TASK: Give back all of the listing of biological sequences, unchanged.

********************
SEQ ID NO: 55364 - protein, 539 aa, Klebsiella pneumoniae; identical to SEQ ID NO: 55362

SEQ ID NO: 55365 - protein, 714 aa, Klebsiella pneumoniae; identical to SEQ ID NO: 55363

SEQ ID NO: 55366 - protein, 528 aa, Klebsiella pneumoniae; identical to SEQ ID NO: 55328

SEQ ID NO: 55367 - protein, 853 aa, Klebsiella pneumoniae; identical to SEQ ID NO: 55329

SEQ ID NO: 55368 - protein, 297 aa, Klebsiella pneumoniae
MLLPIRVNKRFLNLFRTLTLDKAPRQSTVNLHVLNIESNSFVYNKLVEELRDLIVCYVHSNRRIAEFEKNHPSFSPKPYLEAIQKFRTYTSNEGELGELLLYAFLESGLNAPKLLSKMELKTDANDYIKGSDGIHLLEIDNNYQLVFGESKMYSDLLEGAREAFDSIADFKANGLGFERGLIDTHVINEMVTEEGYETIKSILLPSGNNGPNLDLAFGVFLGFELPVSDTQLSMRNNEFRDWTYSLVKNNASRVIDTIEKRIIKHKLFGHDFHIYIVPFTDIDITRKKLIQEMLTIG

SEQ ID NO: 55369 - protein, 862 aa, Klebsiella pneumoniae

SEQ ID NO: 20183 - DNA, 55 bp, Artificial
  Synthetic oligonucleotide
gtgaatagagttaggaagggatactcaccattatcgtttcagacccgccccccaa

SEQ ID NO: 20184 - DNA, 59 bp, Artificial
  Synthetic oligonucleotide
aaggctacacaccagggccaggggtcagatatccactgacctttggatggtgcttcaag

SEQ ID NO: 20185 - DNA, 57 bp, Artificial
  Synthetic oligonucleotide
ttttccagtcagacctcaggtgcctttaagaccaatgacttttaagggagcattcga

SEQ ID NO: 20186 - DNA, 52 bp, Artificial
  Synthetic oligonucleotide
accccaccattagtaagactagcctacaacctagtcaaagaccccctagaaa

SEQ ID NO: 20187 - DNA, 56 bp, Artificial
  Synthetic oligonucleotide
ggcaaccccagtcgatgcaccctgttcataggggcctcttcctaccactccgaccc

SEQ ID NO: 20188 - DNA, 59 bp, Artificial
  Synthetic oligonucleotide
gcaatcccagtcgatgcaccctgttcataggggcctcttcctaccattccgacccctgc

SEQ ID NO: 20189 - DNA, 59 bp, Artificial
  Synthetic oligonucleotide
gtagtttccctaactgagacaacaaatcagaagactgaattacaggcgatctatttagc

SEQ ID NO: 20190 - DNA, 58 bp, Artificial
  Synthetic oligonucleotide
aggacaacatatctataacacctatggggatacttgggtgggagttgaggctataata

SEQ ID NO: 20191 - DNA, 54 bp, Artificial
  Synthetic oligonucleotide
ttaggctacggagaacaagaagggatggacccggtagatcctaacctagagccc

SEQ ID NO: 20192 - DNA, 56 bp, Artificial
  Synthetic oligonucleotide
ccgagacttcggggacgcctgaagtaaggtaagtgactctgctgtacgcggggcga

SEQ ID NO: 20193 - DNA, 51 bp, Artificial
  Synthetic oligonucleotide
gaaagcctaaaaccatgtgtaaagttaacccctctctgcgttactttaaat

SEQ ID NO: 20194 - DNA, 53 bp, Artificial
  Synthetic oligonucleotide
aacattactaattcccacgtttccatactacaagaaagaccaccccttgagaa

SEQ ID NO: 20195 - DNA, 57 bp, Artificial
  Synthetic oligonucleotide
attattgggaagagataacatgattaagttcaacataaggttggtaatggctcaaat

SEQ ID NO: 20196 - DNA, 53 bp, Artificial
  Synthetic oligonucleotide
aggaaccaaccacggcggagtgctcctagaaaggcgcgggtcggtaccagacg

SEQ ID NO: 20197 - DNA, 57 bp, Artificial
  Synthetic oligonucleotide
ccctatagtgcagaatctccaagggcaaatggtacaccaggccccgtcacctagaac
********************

SEQ ID NO: 55364 - protein, 539 aa, Klebsiella pneumoniae; identical to SEQ ID NO: 55362

SEQ ID NO: 55365 - protein, 714 aa, Klebsiella pneumoniae; identical to SEQ ID NO: 55363

SEQ ID NO: 55366 - protein, 528 aa, Klebsiella pneumoniae; identical to SEQ ID NO: 55328

SEQ ID NO: 55367 - protein, 853 aa, Klebsiella pneumoniae; identical to SEQ ID NO: 55329

SEQ ID NO: 55368 - protein, 297 aa, Klebsiella pneumoniae
MLLPIRVNKRFLNLFRTLTLDKAPRQSTVNLHVLNIESNSFVYNKLVEELRDLIVCYVHSNRRIAEFEKNHPSFSPKPYLEAIQKFRTYTSNEGELGELLLYAFLESGLNAPKLLSKMELKTDANDYIKGSDGIHLLEIDNNYQLVFGESKMYSDLLEGAREAFDSIADFKANGLGFERGLIDTHVINEMVTEEGYETIKSILLPSGNNGPNLDLAFGVFLGFELPVSDTQLSMRNNEFRDWTYSLVKNNASRVIDTIEKRIIKHKLFGHDFHIYIVPFTDIDITRKKLIQEMLTIG

SEQ ID NO: 55369 - protein, 862 aa, Klebsiella pneumoniae

SEQ ID NO: 20183 - DNA, 55 bp, Artificial
  Synthetic oligonucleotide
gtgaatagagttaggaagggatactcaccattatcgtttcagacccgccccccaa

SEQ ID NO: 20184 - DNA, 59 bp, Artificial
  Synthetic oligonucleotide
aaggctacacaccagggccaggggtcagatatccactgacctttggatggtgcttcaag

SEQ ID NO: 20185 - DNA, 57 bp, Artificial
  Synthetic oligonucleotide
ttttccagtcagacctcaggtgcctttaagaccaatgacttttaagggagcattcga

SEQ ID NO: 20186 - DNA, 52 bp, Artificial
  Synthetic oligonucleotide
accccaccattagtaagactagcctacaacctagtcaaagaccccctagaaa

SEQ ID NO: 20187 - DNA, 56 bp, Artificial
  Synthetic oligonucleotide
ggcaaccccagtcgatgcaccctgttcataggggcctcttcctaccactccgaccc

SEQ ID NO: 20188 - DNA, 59 bp, Artificial
  Synthetic oligonucleotide
gcaatcccagtcgatgcaccctgttcataggggcctcttcctaccattccgacccctgc

SEQ ID NO: 20189 - DNA, 59 bp, Artificial
  Synthetic oligonucleotide
gtagtttccctaactgagacaacaaatcagaagactgaattacaggcgatctatttagc

SEQ ID NO: 20190 - DNA, 58 bp, Artificial
  Synthetic oligonucleotide
aggacaacatatctataacacctatggggatacttgggtgggagttgaggctataata

SEQ ID NO: 20191 - DNA, 54 bp, Artificial
  Synthetic oligonucleotide
ttaggctacggagaacaagaagggatggacccggtagatcctaacctagagccc

SEQ ID NO: 20192 - DNA, 56 bp, Artificial
  Synthetic oligonucleotide
ccgagacttcggggacgcctgaagtaaggtaagtgactctgctgtacgcggggcga

SEQ ID NO: 20193 - DNA, 51 bp, Artificial
  Synthetic oligonucleotide
gaaagcctaaaaccatgtgtaaagttaacccctctctgcgttactttaaat

SEQ ID NO: 20194 - DNA, 53 bp, Artificial
  Synthetic oligonucleotide
aacattactaattcccacgtttccatactacaagaaagaccaccccttgagaa

SEQ ID NO: 20195 - DNA, 57 bp, Artificial
  Synthetic oligonucleotide
attattgggaagagataacatgattaagttcaacataaggttggtaatggctcaaat

SEQ ID NO: 20196 - DNA, 53 bp, Artificial
  Synthetic oligonucleotide
aggaaccaaccacggcggagtgctcctagaaaggcgcgggtcggtaccagacg

SEQ ID NO: 20197 - DNA, 57 bp, Artificial
  Synthetic oligonucleotide
ccctatagtgcagaatctccaagggcaaatggtacaccaggccccgtcacctagaac